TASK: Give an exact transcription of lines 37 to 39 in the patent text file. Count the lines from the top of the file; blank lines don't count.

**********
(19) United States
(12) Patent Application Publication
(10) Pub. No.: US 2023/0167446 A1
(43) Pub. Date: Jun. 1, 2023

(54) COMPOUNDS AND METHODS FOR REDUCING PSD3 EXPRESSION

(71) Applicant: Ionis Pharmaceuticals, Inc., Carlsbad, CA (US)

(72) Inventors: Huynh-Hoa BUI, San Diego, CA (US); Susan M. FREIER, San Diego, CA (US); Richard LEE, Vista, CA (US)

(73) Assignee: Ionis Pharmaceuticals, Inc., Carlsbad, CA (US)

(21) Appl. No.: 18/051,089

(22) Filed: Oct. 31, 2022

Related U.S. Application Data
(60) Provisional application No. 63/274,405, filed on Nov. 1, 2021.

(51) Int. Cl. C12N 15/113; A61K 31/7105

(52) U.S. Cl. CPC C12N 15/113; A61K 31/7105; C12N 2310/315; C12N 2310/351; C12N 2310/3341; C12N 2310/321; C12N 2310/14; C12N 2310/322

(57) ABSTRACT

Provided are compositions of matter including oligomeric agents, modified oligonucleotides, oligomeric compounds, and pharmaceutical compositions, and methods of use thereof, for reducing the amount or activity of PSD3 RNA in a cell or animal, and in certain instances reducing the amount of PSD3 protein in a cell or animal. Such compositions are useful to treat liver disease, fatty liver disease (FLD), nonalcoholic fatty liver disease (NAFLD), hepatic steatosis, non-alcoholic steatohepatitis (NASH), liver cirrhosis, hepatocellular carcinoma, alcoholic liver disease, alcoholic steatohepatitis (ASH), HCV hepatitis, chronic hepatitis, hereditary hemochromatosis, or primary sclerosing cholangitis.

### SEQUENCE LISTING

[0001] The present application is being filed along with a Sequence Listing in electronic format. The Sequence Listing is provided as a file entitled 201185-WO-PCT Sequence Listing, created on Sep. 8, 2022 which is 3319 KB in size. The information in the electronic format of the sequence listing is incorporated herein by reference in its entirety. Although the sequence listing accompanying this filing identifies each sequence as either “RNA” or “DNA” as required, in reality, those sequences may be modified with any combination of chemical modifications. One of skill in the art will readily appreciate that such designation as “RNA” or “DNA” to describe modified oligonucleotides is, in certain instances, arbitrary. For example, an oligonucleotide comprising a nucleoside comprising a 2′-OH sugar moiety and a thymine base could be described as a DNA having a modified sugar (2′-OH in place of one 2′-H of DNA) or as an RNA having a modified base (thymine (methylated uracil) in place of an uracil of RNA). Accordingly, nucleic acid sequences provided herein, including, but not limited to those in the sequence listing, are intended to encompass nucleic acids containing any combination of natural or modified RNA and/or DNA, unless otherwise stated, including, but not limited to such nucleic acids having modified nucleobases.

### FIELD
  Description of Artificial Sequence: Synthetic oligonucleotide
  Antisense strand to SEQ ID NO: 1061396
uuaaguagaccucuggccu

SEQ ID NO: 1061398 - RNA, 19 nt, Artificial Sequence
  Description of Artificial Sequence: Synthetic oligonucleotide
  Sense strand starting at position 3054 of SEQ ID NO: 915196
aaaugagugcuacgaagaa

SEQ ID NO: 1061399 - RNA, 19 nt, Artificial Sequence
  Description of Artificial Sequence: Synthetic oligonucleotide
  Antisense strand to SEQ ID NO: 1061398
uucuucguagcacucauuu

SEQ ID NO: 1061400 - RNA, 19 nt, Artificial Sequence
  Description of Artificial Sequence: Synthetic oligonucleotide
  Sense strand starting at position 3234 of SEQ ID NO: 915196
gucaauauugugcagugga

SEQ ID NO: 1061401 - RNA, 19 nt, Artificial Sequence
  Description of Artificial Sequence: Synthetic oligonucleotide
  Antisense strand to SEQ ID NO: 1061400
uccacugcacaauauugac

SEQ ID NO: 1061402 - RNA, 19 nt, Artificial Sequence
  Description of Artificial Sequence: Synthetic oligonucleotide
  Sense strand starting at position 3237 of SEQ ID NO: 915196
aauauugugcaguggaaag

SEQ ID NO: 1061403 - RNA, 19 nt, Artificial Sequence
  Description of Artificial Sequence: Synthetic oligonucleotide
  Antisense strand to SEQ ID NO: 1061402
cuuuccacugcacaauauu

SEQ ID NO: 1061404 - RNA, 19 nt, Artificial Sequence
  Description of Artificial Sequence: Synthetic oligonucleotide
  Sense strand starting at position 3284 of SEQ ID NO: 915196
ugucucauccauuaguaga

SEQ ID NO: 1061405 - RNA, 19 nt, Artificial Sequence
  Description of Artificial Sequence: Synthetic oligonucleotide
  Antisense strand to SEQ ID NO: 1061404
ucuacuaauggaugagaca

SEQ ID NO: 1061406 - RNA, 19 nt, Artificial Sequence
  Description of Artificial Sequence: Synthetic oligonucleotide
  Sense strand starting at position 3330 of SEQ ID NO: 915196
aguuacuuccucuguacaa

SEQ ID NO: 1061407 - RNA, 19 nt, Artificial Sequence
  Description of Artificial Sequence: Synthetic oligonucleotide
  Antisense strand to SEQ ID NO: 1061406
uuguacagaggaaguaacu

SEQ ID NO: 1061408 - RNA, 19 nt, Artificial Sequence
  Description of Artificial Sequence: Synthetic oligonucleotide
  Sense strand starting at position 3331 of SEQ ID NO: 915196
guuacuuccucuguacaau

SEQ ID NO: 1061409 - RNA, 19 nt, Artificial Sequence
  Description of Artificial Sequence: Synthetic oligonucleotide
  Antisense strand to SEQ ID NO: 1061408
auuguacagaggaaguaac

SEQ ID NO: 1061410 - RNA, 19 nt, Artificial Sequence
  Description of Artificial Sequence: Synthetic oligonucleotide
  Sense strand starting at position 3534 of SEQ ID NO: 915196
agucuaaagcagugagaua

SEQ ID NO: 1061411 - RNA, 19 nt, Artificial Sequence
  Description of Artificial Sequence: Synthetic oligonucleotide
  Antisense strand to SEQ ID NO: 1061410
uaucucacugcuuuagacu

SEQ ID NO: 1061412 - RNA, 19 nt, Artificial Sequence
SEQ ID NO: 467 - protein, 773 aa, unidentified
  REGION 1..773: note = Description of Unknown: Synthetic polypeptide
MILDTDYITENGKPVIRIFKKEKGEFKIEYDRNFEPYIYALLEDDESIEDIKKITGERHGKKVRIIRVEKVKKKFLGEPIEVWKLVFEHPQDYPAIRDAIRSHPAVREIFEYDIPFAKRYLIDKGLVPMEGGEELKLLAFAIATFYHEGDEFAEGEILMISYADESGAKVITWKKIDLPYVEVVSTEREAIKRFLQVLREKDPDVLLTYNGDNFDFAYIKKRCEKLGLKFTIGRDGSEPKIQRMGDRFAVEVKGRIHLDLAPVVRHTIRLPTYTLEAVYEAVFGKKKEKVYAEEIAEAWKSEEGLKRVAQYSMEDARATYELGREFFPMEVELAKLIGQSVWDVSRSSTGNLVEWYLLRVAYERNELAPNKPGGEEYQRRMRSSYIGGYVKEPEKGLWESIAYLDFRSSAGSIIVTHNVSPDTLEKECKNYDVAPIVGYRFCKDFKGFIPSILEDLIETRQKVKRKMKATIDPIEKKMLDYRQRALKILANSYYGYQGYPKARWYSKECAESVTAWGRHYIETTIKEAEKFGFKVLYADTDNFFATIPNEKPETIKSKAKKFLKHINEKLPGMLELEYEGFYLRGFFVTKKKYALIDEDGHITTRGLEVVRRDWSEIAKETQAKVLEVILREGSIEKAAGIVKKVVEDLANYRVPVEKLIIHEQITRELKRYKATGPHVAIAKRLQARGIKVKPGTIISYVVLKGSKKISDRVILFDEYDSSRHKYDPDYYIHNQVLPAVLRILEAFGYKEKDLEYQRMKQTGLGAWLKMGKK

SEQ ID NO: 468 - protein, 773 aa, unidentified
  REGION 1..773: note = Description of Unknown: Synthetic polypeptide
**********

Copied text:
  Antisense strand to SEQ ID NO: 1061400
uccacugcacaauauugac

SEQ ID NO: 1061402 - RNA, 19 nt, Artificial Sequence